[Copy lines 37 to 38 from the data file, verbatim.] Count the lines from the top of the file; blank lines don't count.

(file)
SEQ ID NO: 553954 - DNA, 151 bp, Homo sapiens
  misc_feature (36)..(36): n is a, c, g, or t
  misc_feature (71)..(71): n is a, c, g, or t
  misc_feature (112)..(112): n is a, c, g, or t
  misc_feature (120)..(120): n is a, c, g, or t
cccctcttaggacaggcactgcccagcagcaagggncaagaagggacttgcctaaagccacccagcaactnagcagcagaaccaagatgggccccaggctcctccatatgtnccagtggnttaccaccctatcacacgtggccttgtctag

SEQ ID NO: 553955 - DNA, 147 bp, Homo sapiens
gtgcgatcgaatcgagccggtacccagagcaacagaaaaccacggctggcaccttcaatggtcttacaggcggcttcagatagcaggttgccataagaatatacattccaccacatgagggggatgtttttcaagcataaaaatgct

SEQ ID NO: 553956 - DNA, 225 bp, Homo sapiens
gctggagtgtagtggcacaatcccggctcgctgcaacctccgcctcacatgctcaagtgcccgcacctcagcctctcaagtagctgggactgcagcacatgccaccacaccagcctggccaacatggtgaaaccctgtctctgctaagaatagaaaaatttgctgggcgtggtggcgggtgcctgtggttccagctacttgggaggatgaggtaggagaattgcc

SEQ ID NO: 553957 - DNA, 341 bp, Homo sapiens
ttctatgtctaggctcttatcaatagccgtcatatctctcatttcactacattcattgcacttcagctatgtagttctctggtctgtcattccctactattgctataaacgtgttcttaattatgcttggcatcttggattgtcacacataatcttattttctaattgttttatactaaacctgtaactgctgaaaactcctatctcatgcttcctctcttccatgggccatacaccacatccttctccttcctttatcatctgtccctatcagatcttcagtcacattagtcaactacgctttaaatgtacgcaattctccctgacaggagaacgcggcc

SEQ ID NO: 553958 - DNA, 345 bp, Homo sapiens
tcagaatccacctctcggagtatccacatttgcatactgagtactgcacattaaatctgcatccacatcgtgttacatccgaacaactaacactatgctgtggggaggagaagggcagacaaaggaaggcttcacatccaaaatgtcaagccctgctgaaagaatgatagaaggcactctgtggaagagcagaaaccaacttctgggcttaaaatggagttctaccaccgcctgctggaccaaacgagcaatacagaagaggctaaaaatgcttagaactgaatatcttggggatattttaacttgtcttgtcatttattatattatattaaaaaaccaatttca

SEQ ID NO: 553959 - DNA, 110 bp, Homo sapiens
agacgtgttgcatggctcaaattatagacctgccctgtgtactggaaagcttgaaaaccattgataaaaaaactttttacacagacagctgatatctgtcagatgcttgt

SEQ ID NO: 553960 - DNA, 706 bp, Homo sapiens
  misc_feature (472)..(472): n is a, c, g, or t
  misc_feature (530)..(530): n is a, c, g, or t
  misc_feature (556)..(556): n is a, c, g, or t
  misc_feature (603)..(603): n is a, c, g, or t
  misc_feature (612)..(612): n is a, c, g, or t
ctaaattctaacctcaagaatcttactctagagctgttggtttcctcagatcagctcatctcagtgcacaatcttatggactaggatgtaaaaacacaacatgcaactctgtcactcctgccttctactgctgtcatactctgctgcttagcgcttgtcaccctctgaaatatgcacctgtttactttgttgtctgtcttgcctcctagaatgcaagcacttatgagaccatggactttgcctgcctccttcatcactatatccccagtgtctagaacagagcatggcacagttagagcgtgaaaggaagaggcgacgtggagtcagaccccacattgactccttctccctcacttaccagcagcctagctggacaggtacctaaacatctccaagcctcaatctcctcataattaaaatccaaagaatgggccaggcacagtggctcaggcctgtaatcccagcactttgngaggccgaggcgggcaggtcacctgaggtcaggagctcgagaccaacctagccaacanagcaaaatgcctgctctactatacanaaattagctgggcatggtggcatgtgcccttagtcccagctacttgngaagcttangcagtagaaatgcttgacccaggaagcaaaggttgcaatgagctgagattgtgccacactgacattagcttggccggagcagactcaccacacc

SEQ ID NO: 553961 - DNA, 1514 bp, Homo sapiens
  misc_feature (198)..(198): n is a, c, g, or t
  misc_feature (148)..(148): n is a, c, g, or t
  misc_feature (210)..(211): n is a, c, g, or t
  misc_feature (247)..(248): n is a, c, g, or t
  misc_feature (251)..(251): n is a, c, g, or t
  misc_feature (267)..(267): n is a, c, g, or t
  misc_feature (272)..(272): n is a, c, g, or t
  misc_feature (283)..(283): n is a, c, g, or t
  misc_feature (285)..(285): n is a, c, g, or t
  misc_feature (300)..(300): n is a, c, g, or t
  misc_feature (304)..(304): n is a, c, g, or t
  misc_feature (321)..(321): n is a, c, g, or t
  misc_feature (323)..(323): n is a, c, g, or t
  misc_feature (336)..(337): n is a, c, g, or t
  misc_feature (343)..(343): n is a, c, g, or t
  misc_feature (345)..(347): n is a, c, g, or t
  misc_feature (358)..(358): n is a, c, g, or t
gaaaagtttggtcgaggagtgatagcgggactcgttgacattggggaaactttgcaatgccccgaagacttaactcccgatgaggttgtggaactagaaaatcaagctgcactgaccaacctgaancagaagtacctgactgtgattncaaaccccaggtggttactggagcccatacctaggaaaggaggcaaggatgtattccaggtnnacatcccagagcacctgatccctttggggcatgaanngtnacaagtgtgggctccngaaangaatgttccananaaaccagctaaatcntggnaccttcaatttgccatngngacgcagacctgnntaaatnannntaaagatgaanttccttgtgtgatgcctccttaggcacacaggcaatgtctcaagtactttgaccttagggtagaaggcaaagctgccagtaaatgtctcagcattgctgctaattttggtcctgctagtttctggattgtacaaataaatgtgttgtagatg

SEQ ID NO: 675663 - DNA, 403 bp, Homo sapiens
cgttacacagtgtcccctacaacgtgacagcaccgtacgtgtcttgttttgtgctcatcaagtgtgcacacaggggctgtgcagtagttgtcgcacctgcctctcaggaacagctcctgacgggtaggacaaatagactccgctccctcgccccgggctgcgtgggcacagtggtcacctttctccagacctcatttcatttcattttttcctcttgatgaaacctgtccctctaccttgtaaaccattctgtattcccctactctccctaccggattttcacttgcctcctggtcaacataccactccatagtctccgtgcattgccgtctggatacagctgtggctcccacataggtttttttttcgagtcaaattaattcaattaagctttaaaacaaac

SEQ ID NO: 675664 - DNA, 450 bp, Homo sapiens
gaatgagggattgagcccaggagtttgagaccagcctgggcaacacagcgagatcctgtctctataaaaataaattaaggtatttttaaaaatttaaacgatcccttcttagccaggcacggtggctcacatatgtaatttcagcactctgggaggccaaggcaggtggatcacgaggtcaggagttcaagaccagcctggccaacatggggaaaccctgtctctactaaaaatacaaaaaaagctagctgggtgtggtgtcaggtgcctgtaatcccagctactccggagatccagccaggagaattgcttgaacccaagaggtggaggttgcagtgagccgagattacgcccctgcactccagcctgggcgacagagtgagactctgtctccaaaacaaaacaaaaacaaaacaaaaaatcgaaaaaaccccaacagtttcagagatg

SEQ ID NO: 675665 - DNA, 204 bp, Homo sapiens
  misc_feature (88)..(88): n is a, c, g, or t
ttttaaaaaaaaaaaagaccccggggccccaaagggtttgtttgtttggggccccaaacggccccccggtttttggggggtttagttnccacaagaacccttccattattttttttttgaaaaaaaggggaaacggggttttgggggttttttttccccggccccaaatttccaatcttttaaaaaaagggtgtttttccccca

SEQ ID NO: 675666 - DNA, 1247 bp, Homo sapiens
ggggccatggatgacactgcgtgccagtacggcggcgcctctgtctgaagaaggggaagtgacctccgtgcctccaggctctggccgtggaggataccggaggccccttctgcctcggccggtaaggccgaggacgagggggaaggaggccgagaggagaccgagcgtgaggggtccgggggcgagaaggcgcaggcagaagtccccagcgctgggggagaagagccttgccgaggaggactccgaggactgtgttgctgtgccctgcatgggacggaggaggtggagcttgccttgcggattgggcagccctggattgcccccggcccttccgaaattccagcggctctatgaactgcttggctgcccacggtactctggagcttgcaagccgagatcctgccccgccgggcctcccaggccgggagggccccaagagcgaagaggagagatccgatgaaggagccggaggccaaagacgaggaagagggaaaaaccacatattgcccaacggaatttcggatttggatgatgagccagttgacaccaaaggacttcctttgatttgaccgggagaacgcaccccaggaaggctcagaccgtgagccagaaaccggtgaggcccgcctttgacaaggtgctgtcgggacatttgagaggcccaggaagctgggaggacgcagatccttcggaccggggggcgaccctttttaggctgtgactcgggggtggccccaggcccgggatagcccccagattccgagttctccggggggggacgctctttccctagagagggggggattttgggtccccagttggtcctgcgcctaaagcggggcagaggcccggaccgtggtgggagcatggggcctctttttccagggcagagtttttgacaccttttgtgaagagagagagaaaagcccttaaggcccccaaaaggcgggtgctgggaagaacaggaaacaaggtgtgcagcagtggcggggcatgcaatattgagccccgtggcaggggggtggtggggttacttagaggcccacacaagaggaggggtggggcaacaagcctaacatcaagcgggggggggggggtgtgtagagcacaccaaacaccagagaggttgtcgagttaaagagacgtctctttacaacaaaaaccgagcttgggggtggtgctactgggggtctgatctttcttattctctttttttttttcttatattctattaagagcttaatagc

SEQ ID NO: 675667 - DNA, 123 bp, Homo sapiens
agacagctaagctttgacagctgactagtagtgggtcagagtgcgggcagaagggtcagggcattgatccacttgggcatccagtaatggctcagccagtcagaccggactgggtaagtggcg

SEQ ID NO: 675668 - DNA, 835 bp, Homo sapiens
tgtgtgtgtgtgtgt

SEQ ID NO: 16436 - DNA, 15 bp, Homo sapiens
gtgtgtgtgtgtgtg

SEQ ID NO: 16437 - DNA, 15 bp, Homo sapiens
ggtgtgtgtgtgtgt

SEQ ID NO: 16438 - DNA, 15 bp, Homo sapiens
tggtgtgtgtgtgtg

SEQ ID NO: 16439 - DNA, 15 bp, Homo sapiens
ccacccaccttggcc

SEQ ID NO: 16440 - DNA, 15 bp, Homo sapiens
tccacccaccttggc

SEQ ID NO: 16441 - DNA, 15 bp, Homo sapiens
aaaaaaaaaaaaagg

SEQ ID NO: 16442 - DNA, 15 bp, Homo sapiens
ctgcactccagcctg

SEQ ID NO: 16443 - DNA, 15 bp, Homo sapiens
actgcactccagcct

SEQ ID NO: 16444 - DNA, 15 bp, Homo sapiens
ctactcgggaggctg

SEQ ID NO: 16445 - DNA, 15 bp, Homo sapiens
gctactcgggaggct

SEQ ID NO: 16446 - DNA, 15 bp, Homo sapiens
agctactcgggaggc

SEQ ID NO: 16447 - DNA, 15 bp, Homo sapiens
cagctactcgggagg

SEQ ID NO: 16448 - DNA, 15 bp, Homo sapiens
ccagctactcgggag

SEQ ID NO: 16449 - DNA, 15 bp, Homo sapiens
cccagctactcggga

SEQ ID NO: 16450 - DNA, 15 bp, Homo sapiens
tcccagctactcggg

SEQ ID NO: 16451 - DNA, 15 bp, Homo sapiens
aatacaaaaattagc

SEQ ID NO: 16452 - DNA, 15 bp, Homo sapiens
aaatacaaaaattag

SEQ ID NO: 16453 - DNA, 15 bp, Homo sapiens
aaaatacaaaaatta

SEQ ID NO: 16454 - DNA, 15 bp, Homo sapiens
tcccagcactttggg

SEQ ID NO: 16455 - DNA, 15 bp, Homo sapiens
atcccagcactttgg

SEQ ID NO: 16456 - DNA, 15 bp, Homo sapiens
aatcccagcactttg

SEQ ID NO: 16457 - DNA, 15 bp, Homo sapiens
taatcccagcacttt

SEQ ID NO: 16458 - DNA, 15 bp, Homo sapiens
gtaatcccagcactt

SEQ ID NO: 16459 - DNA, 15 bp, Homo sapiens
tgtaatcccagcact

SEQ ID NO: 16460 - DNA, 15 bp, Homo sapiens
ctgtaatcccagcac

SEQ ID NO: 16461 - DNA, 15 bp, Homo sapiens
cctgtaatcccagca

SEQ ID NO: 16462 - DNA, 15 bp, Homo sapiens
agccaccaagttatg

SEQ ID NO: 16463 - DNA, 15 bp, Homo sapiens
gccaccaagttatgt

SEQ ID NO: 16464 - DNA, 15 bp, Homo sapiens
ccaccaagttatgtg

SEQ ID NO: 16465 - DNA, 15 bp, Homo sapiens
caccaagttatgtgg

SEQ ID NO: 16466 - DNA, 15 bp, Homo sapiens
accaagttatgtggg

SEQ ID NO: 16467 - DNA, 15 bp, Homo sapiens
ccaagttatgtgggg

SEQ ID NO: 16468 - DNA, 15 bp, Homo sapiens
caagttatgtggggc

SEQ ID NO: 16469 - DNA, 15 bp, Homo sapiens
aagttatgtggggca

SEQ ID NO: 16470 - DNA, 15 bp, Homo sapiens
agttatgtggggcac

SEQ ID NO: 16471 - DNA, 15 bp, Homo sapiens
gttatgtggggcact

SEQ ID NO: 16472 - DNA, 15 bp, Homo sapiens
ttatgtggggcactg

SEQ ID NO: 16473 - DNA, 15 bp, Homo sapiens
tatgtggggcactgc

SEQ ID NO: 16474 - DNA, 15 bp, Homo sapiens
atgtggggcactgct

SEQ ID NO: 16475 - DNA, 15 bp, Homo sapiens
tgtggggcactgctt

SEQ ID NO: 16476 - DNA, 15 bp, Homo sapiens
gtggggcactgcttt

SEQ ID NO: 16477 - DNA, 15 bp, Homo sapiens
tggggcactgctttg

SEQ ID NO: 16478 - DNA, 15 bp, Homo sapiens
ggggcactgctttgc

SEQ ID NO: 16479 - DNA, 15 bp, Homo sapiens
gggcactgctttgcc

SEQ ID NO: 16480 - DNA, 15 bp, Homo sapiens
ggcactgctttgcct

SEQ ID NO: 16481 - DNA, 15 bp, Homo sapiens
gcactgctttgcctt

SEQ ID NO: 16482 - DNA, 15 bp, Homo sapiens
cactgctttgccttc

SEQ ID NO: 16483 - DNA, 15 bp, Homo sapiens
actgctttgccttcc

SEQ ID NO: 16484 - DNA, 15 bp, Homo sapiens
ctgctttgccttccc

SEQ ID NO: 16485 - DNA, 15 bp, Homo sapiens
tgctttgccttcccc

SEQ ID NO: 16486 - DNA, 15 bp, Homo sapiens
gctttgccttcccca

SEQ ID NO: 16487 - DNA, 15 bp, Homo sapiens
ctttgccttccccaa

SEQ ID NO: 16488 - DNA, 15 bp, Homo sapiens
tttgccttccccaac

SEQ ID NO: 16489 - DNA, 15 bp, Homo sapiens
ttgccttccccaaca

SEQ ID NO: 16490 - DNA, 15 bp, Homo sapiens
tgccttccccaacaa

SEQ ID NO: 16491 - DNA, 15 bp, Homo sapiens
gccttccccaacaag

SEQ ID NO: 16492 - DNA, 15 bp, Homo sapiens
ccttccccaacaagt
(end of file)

  misc_feature (323)..(323): n is a, c, g, or t
  misc_feature (336)..(337): n is a, c, g, or t